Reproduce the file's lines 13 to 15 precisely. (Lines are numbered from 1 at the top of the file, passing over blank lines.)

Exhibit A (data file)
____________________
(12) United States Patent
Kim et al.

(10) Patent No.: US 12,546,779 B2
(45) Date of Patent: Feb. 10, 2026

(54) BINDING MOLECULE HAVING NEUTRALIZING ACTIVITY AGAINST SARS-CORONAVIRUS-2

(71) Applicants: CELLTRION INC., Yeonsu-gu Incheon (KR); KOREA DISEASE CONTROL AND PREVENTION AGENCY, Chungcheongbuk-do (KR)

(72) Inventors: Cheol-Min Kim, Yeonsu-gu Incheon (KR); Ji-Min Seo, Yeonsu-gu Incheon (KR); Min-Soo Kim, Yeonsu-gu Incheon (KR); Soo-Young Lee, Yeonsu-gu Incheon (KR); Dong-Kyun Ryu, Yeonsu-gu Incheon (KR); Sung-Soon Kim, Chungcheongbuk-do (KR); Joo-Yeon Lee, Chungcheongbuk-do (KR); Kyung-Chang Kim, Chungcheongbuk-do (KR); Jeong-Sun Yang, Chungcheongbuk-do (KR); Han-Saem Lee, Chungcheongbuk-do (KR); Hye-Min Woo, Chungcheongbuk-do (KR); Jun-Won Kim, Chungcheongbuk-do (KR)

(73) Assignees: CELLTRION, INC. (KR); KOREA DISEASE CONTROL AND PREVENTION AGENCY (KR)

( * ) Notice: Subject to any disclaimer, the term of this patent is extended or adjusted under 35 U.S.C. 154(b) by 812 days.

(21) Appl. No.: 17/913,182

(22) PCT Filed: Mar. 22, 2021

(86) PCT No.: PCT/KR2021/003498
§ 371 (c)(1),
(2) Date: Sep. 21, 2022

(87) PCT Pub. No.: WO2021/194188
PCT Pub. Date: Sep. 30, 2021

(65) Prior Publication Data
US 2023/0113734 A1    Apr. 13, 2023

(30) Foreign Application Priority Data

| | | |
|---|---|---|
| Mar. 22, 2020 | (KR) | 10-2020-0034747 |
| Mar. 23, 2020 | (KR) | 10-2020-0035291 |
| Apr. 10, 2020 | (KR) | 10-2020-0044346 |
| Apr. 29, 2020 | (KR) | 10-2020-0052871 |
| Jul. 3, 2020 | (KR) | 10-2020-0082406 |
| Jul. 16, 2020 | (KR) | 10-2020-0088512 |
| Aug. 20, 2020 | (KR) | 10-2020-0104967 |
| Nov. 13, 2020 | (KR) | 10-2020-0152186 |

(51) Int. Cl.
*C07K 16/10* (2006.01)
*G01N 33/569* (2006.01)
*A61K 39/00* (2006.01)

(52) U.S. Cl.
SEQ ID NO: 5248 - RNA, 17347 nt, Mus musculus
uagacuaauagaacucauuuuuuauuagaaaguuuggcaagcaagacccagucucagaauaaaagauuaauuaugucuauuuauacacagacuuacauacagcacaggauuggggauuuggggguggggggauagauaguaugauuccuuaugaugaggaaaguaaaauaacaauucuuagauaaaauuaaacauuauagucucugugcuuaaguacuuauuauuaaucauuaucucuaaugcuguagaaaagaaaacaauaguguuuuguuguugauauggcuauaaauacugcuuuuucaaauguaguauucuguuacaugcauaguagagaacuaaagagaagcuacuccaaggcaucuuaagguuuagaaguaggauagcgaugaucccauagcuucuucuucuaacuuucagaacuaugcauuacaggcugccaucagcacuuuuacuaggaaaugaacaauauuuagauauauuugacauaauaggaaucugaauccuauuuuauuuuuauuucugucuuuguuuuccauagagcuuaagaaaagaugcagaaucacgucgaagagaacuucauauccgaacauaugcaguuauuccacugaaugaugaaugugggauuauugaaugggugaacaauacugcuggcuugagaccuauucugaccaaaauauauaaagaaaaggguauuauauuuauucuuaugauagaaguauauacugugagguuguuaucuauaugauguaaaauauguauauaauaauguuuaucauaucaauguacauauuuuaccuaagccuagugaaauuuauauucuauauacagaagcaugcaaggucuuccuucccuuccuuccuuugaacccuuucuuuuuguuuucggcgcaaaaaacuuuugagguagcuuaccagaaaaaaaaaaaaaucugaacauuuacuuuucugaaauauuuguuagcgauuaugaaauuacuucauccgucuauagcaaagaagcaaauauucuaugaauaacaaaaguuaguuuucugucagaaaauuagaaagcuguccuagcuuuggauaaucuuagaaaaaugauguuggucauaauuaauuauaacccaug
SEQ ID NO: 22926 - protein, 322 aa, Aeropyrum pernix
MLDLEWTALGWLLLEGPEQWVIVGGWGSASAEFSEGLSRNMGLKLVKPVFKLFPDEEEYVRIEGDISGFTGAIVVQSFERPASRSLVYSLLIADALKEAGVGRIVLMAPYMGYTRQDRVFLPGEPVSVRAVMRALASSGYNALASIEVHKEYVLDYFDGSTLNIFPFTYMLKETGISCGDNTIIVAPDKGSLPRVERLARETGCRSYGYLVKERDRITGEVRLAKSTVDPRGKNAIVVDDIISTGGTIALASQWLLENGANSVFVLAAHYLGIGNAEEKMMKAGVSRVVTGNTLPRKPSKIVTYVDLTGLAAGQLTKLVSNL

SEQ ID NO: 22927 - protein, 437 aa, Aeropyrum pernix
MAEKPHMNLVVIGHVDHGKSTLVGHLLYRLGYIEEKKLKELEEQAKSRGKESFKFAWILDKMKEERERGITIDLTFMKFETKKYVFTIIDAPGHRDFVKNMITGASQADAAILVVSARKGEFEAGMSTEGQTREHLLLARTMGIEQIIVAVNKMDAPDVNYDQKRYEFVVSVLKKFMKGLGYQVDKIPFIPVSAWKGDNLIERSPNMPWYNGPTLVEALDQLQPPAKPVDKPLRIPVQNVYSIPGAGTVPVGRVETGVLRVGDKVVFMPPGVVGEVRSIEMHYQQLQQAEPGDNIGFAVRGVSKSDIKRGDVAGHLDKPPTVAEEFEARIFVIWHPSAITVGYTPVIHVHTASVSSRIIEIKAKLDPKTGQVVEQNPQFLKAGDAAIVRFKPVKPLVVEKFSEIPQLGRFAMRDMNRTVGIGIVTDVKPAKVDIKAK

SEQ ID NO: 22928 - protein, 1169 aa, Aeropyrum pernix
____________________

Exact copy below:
§ 371 (c)(1),
(2) Date: Sep. 21, 2022

(87) PCT Pub. No.: WO2021/194188